St Mark describes in more detail than the other evangelists the place where the meal took place: he says it was a large, well-appointed room -- a dignified place. There is an ancient Christian tradition that the house of the Cenacle was owned by Mary the mother of St Mark, to whom, it seems, the Garden of Olives also belonged.

17-21. Jesus shows that he knows in advance what is going to happen and is acting freely and deliberately, identifying himself with the will of his Father. The words of vv. 18 and 19 are a further call to Judas to repent; our Lord refrained from denouncing him publicly, so making it easier for him to change his mind. But he did not want to remain silent about the incipient treachery; they should realize that the Master knew everything (cf. Jn 13:23ff).

22. The word "this” does not refer to the act of breaking the bread but to the "thing” which Jesus gives his disciples, that is, something which looked like bread and which was no longer bread but the body of Christ. "This is my body. That is to say, what I am giving you now and what you are taking is my body. For the bread is not only a symbol of the body of Christ; it becomes his very body, as the Lord has said: the bread which I shall give for the life of the world is my flesh. Therefore, the Lord conserves the appearances of bread and wine but changes the bread and wine into the reality of his flesh and his blood” (Theophylact, "Enarratio in Evangelium Marci", in loc.). Therefore, any interpretation in the direction of symbolism or metaphor does not fit the meaning of the text. The same applies to the "This is my blood” (v. 24). On the realism of these expressions, see the first part of the note on Mt 26:26-29.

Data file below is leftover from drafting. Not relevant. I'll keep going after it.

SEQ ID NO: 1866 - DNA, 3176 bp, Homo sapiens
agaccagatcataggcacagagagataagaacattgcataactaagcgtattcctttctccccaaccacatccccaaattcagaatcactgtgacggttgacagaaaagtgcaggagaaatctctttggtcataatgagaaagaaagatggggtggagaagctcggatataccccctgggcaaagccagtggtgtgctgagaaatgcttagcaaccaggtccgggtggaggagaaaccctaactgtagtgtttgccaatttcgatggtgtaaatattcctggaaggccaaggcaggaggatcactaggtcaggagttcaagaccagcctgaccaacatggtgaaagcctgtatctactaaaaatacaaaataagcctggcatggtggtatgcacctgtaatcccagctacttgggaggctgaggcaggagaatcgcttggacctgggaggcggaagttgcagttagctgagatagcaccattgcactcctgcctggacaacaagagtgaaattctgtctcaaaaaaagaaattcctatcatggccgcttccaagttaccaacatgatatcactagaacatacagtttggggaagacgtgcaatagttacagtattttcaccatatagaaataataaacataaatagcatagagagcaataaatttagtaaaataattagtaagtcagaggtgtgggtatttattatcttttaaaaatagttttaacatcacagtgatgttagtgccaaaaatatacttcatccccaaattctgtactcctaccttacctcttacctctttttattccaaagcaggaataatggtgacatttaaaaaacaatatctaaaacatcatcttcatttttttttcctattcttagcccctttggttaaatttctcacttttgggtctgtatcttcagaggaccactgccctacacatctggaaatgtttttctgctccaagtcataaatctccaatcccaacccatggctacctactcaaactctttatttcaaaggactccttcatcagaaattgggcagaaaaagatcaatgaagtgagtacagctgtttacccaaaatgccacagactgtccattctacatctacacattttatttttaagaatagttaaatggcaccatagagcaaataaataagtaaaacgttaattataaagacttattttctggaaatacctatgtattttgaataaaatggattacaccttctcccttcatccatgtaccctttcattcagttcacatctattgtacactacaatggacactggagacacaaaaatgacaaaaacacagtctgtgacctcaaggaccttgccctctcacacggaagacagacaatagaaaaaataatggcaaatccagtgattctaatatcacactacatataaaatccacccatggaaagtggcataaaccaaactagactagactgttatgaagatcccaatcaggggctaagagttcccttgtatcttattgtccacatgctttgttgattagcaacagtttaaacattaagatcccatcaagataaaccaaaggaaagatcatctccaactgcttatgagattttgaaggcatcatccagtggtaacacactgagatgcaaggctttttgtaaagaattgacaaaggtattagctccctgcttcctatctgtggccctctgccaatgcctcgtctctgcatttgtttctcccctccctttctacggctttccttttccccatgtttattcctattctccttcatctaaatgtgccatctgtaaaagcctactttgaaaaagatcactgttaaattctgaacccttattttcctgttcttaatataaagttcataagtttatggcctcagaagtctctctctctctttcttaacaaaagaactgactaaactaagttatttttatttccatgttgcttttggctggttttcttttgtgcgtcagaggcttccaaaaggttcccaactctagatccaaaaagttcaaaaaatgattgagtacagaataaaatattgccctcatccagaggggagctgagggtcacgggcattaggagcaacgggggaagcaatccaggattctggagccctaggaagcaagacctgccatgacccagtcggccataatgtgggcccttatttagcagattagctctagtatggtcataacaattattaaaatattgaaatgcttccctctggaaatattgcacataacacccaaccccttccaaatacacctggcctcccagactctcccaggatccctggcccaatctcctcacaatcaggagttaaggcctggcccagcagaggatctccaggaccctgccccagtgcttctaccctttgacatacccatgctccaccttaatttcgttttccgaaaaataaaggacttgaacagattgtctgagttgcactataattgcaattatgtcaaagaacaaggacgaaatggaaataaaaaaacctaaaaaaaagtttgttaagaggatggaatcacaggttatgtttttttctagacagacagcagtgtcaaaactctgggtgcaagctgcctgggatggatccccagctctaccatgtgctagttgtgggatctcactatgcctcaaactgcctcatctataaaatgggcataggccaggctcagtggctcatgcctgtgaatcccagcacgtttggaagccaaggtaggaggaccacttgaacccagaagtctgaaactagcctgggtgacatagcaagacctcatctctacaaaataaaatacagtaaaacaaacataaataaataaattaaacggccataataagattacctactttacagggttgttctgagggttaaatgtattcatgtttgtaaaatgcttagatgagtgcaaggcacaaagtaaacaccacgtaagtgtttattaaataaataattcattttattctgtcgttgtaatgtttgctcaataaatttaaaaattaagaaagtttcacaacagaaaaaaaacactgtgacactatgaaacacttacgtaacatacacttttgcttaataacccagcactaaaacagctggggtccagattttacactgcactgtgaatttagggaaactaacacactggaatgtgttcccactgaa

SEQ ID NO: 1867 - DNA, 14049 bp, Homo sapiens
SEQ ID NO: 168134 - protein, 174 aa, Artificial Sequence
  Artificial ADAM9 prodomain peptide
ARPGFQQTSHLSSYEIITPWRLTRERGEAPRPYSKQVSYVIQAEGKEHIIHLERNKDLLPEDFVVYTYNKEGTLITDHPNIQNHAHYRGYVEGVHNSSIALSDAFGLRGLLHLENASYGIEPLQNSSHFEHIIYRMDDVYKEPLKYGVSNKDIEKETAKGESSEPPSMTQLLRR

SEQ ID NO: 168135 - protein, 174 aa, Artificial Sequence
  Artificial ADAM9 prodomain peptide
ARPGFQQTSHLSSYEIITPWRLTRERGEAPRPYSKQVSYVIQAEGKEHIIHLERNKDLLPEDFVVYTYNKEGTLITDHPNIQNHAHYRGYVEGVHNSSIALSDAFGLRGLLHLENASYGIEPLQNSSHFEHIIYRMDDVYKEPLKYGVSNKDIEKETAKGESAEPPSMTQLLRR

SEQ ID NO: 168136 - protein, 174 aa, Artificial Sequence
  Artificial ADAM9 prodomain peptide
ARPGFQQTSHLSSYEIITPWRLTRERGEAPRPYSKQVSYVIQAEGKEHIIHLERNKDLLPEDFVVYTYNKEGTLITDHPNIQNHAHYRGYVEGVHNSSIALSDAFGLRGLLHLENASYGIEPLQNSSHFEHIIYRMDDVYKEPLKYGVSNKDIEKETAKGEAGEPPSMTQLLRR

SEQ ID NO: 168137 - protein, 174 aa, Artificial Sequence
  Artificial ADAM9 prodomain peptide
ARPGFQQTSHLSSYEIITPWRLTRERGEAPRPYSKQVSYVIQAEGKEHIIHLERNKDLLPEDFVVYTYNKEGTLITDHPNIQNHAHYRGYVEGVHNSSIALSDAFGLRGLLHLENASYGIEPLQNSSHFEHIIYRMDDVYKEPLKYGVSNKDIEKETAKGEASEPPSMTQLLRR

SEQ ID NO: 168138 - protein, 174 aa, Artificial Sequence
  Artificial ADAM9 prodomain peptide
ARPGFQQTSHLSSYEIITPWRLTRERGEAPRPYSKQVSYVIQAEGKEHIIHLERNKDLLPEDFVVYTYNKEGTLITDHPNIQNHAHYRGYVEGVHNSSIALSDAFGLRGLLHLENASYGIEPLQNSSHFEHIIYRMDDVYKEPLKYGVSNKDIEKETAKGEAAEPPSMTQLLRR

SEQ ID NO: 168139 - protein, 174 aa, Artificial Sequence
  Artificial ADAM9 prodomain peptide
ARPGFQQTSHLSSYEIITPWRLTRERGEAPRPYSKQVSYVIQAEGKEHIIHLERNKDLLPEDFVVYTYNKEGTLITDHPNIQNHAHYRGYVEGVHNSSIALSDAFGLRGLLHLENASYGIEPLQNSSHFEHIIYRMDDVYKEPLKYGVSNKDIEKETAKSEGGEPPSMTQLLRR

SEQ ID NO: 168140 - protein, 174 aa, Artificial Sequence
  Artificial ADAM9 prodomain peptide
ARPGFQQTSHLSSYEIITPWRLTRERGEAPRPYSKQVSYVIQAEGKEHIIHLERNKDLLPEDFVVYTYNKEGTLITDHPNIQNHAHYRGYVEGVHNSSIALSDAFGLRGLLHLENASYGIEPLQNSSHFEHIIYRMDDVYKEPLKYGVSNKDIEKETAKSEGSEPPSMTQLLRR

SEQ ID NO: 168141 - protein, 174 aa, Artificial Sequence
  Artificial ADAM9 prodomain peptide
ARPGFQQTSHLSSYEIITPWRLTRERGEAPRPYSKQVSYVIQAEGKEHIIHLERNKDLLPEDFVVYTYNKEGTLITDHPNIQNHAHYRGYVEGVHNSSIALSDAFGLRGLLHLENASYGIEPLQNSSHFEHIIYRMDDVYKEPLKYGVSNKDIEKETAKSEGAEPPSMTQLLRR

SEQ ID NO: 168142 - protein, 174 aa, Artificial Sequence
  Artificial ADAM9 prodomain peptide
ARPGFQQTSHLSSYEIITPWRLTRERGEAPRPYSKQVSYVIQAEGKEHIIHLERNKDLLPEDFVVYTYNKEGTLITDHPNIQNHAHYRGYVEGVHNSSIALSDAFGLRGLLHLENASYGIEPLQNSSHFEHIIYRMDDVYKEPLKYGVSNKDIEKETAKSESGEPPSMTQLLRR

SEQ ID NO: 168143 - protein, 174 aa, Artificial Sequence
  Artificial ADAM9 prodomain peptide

24. The words of consecration of the chalice clearly show that the Eucharist is a sacrifice: the blood of Christ is poured out, sealing the new and definitive Covenant of God with men. This Covenant remains sealed forever by the sacrifice of Christ on the cross, in which Jesus is both Priest and Victim. The Church has defined this truth in these words: "If anyone says that in the Mass a true and proper sacrifice is not offered to God, or that to be offered is nothing else but that Christ is given us to eat, let him be anathema” (Council of Trent, "De S. Missae sacrificio", chap. 1, can. 1).

These words pronounced over the chalice must have been very revealing for the apostles, because they show that the sacrifices of the Old Covenant were in fact a preparation for and anticipation of Christ’s sacrifice. The apostles were able to grasp that the Covenant of Sinai and the various sacrifices of the temple were merely an imperfect pre-figurement of the definitive sacrifice and definitive Covenant, which would take place on the cross and which they were anticipating in this Supper.